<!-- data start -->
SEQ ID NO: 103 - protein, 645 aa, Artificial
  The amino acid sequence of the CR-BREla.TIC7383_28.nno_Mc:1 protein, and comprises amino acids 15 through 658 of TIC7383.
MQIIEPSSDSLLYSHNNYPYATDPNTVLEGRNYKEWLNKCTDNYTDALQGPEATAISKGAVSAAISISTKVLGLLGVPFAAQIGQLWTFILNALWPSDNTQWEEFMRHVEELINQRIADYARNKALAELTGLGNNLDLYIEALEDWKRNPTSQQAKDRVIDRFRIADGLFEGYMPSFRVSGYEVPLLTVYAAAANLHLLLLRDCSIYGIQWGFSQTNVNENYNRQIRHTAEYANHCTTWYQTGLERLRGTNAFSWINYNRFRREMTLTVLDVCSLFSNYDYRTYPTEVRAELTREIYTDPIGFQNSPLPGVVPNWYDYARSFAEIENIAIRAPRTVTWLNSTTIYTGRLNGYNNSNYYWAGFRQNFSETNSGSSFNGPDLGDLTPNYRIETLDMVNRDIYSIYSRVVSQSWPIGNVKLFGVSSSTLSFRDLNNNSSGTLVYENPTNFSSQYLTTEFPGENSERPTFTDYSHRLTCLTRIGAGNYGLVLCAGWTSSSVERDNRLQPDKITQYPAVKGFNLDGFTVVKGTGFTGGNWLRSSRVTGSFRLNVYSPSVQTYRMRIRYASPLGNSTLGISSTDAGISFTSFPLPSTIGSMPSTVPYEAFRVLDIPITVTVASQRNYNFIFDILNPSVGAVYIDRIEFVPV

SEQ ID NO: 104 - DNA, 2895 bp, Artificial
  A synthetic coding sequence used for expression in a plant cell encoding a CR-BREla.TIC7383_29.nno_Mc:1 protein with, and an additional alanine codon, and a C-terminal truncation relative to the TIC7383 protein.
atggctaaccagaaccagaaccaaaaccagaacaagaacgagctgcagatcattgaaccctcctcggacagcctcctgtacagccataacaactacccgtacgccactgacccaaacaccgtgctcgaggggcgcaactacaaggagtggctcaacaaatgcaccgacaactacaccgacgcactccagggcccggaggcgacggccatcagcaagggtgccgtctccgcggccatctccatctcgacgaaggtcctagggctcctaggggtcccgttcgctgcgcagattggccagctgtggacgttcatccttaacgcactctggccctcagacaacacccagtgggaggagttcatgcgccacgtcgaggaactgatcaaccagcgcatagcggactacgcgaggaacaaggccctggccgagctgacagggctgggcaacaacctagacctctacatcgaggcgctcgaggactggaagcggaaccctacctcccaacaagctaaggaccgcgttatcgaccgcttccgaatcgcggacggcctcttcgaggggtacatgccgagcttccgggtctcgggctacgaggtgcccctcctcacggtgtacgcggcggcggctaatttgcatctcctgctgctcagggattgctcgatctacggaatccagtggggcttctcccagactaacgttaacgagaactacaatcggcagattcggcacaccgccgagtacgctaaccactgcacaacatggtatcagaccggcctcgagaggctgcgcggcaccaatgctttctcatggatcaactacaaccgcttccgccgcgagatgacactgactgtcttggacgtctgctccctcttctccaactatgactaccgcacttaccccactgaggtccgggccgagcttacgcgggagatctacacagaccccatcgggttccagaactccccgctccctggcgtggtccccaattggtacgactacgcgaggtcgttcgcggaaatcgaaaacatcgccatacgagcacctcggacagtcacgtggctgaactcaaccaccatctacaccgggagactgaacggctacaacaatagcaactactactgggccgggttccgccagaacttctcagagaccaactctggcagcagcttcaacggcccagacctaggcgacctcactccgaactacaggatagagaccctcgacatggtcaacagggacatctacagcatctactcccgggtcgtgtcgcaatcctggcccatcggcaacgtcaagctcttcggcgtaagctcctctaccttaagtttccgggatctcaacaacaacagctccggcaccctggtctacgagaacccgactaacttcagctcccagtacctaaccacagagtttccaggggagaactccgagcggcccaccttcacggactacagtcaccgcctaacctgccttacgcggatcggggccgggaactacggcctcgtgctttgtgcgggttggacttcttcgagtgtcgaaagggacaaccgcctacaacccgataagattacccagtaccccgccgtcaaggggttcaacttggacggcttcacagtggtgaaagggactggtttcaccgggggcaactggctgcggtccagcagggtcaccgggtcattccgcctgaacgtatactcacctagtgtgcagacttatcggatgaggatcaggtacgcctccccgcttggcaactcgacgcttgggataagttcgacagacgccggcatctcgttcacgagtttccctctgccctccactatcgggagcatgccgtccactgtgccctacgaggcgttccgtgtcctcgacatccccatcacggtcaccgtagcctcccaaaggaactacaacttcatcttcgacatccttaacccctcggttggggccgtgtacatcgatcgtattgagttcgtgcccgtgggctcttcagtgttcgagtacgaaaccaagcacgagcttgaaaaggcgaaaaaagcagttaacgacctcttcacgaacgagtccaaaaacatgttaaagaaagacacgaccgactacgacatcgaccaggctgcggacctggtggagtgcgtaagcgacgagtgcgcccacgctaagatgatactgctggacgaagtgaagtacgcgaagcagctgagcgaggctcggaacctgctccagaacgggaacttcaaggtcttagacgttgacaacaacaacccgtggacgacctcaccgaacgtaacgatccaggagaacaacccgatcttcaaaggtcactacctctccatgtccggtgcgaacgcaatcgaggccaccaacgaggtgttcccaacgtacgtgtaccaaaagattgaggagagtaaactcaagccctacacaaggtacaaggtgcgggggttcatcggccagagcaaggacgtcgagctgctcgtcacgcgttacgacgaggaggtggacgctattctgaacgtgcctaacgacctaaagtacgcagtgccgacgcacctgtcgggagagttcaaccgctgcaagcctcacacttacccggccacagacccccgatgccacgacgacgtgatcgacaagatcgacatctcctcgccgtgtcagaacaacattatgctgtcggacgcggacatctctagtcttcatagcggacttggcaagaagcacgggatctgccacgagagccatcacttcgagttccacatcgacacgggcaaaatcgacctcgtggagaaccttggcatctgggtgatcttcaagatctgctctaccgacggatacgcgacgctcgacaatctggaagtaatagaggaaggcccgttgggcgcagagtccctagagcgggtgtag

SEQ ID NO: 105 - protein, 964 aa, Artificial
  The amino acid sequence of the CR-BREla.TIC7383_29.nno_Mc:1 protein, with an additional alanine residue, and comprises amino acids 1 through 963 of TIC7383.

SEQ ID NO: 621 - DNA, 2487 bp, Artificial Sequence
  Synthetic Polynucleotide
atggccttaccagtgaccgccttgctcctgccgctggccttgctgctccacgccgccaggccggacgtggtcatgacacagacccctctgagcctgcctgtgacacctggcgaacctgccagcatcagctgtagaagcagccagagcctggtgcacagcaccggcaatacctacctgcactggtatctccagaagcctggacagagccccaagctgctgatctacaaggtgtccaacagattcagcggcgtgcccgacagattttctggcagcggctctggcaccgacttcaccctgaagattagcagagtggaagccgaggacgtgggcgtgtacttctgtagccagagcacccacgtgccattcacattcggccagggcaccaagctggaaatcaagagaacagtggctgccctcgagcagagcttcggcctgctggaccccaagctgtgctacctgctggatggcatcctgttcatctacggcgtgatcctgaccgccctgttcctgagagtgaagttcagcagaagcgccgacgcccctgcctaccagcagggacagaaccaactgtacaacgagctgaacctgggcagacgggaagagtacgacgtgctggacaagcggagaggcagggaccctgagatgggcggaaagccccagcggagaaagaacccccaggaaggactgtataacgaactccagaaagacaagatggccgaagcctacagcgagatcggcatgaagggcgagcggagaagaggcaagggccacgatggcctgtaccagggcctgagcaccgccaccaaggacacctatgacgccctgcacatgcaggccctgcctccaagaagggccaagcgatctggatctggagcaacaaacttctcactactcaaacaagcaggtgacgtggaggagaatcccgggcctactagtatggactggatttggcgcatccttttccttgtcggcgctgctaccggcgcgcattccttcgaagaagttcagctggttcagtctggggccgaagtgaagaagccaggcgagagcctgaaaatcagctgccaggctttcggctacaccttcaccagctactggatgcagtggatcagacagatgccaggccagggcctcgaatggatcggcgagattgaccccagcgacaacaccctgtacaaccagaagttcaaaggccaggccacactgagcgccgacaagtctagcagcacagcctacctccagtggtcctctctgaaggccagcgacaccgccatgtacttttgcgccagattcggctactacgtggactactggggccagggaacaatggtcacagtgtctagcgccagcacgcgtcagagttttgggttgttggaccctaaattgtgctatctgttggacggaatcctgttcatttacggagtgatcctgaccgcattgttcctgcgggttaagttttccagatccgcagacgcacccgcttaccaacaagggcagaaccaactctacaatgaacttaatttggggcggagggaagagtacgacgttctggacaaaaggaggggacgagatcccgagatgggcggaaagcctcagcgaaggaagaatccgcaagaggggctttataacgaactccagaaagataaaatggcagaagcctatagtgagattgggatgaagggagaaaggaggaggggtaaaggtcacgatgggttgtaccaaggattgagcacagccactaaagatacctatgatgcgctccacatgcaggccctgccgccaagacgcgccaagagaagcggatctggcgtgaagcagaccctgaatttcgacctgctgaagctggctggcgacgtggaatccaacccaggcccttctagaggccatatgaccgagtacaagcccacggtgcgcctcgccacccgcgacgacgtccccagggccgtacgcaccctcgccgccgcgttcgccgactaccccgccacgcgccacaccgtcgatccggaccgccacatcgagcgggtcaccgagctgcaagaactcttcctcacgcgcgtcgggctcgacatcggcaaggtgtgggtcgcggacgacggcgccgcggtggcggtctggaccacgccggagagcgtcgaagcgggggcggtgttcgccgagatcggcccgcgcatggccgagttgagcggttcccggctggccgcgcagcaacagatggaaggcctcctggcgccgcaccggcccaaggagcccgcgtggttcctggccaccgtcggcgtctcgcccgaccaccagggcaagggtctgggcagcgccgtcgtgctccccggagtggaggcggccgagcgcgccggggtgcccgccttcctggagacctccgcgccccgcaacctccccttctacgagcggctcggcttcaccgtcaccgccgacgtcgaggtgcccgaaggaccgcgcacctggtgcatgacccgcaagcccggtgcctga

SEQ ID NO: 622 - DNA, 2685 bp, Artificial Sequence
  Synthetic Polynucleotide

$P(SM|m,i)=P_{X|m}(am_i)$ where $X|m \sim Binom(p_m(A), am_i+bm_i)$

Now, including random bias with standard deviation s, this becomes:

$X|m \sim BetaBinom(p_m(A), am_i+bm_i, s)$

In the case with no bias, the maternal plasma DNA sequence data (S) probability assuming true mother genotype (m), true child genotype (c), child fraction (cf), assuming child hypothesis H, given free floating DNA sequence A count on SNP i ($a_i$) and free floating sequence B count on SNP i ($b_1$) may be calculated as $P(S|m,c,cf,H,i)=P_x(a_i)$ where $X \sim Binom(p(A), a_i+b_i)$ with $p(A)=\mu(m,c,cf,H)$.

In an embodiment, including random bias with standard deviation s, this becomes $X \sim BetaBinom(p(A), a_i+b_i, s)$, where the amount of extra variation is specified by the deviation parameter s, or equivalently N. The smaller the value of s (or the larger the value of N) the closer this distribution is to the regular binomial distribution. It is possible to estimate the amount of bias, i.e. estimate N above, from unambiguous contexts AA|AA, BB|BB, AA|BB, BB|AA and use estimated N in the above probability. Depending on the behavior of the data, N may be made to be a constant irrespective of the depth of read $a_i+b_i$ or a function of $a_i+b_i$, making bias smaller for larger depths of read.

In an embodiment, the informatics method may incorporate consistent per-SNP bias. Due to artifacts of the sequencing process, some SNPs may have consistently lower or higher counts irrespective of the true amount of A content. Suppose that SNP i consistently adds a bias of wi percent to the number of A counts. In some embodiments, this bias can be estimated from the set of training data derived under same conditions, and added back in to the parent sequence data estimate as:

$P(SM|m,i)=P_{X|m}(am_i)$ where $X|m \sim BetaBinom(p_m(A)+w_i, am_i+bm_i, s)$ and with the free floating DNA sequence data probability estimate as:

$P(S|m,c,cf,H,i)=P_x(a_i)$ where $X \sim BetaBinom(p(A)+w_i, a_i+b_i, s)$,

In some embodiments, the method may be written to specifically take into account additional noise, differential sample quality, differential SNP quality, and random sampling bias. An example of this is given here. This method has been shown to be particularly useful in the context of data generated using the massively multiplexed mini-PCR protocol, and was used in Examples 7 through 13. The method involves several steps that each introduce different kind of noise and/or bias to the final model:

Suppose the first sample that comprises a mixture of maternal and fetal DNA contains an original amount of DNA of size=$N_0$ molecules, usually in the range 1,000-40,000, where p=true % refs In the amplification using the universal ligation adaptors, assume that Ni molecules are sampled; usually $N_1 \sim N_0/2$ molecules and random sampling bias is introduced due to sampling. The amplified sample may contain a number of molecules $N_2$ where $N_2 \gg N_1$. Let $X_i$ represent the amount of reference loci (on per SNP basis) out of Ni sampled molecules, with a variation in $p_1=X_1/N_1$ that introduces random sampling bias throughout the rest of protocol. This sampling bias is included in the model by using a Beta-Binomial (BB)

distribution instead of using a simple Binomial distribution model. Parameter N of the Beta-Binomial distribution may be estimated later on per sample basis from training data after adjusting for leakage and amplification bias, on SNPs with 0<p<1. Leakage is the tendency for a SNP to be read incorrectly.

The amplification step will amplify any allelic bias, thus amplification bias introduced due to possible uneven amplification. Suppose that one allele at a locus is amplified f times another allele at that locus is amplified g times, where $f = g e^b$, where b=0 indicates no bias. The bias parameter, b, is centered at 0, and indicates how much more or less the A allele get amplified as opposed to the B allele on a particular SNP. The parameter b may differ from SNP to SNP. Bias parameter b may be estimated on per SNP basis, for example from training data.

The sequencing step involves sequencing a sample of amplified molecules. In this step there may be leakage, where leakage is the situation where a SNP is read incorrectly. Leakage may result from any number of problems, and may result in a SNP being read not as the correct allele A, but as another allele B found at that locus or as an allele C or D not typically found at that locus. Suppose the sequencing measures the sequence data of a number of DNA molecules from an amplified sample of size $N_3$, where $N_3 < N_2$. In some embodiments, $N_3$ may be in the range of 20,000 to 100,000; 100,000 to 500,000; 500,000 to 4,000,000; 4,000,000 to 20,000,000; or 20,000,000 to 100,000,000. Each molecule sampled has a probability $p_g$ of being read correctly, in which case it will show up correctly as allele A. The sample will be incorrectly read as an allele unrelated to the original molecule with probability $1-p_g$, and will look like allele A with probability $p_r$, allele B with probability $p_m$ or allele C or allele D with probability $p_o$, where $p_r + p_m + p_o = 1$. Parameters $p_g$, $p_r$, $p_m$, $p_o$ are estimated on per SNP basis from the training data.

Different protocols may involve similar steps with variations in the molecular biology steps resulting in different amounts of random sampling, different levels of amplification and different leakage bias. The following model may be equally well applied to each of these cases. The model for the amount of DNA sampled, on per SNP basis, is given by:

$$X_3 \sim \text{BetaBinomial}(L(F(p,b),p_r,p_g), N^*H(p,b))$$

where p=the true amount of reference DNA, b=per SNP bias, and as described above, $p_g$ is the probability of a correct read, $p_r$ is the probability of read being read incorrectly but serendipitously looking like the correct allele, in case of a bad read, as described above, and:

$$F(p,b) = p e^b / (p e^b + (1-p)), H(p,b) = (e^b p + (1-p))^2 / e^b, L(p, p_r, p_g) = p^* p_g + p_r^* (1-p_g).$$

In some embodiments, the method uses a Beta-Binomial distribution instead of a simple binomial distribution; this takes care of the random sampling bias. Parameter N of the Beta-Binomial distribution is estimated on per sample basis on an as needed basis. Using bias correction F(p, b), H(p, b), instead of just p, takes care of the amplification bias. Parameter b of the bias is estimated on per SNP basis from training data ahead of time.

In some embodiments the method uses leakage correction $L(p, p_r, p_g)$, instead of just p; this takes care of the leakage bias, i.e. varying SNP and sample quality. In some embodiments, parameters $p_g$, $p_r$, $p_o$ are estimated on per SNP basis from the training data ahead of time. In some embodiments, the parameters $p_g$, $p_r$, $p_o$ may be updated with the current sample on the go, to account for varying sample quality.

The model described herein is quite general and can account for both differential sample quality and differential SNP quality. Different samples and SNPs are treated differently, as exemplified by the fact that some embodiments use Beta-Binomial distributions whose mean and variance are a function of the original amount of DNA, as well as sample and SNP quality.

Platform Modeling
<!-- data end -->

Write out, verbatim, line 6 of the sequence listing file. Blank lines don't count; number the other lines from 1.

atggctaaccagaaccagaaccaaaaccagaacaagaacgagctgcagatcattgaaccctcctcggacagcctcctgtacagccataacaactacccgtacgccactgacccaaacaccgtgctcgaggggcgcaactacaaggagtggctcaacaaatgcaccgacaactacaccgacgcactccagggcccggaggcgacggccatcagcaagggtgccgtctccgcggccatctccatctcgacgaaggtcctagggctcctaggggtcccgttcgctgcgcagattggccagctgtggacgttcatccttaacgcactctggccctcagacaacacccagtgggaggagttcatgcgccacgtcgaggaactgatcaaccagcgcatagcggactacgcgaggaacaaggccctggccgagctgacagggctgggcaacaacctagacctctacatcgaggcgctcgaggactggaagcggaaccctacctcccaacaagctaaggaccgcgttatcgaccgcttccgaatcgcggacggcctcttcgaggggtacatgccgagcttccgggtctcgggctacgaggtgcccctcctcacggtgtacgcggcggcggctaatttgcatctcctgctgctcagggattgctcgatctacggaatccagtggggcttctcccagactaacgttaacgagaactacaatcggcagattcggcacaccgccgagtacgctaaccactgcacaacatggtatcagaccggcctcgagaggctgcgcggcaccaatgctttctcatggatcaactacaaccgcttccgccgcgagatgacactgactgtcttggacgtctgctccctcttctccaactatgactaccgcacttaccccactgaggtccgggccgagcttacgcgggagatctacacagaccccatcgggttccagaactccccgctccctggcgtggtccccaattggtacgactacgcgaggtcgttcgcggaaatcgaaaacatcgccatacgagcacctcggacagtcacgtggctgaactcaaccaccatctacaccgggagactgaacggctacaacaatagcaactactactgggccgggttccgccagaacttctcagagaccaactctggcagcagcttcaacggcccagacctaggcgacctcactccgaactacaggatagagaccctcgacatggtcaacagggacatctacagcatctactcccgggtcgtgtcgcaatcctggcccatcggcaacgtcaagctcttcggcgtaagctcctctaccttaagtttccgggatctcaacaacaacagctccggcaccctggtctacgagaacccgactaacttcagctcccagtacctaaccacagagtttccaggggagaactccgagcggcccaccttcacggactacagtcaccgcctaacctgccttacgcggatcggggccgggaactacggcctcgtgctttgtgcgggttggacttcttcgagtgtcgaaagggacaaccgcctacaacccgataagattacccagtaccccgccgtcaaggggttcaacttggacggcttcacagtggtgaaagggactggtttcaccgggggcaactggctgcggtccagcagggtcaccgggtcattccgcctgaacgtatactcacctagtgtgcagacttatcggatgaggatcaggtacgcctccccgcttggcaactcgacgcttgggataagttcgacagacgccggcatctcgttcacgagtttccctctgccctccactatcgggagcatgccgtccactgtgccctacgaggcgttccgtgtcctcgacatccccatcacggtcaccgtagcctcccaaaggaactacaacttcatcttcgacatccttaacccctcggttggggccgtgtacatcgatcgtattgagttcgtgcccgtgggctcttcagtgttcgagtacgaaaccaagcacgagcttgaaaaggcgaaaaaagcagttaacgacctcttcacgaacgagtccaaaaacatgttaaagaaagacacgaccgactacgacatcgaccaggctgcggacctggtggagtgcgtaagcgacgagtgcgcccacgctaagatgatactgctggacgaagtgaagtacgcgaagcagctgagcgaggctcggaacctgctccagaacgggaacttcaaggtcttagacgttgacaacaacaacccgtggacgacctcaccgaacgtaacgatccaggagaacaacccgatcttcaaaggtcactacctctccatgtccggtgcgaacgcaatcgaggccaccaacgaggtgttcccaacgtacgtgtaccaaaagattgaggagagtaaactcaagccctacacaaggtacaaggtgcgggggttcatcggccagagcaaggacgtcgagctgctcgtcacgcgttacgacgaggaggtggacgctattctgaacgtgcctaacgacctaaagtacgcagtgccgacgcacctgtcgggagagttcaaccgctgcaagcctcacacttacccggccacagacccccgatgccacgacgacgtgatcgacaagatcgacatctcctcgccgtgtcagaacaacattatgctgtcggacgcggacatctctagtcttcatagcggacttggcaagaagcacgggatctgccacgagagccatcacttcgagttccacatcgacacgggcaaaatcgacctcgtggagaaccttggcatctgggtgatcttcaagatctgctctaccgacggatacgcgacgctcgacaatctggaagtaatagaggaaggcccgttgggcgcagagtccctagagcgggtgtag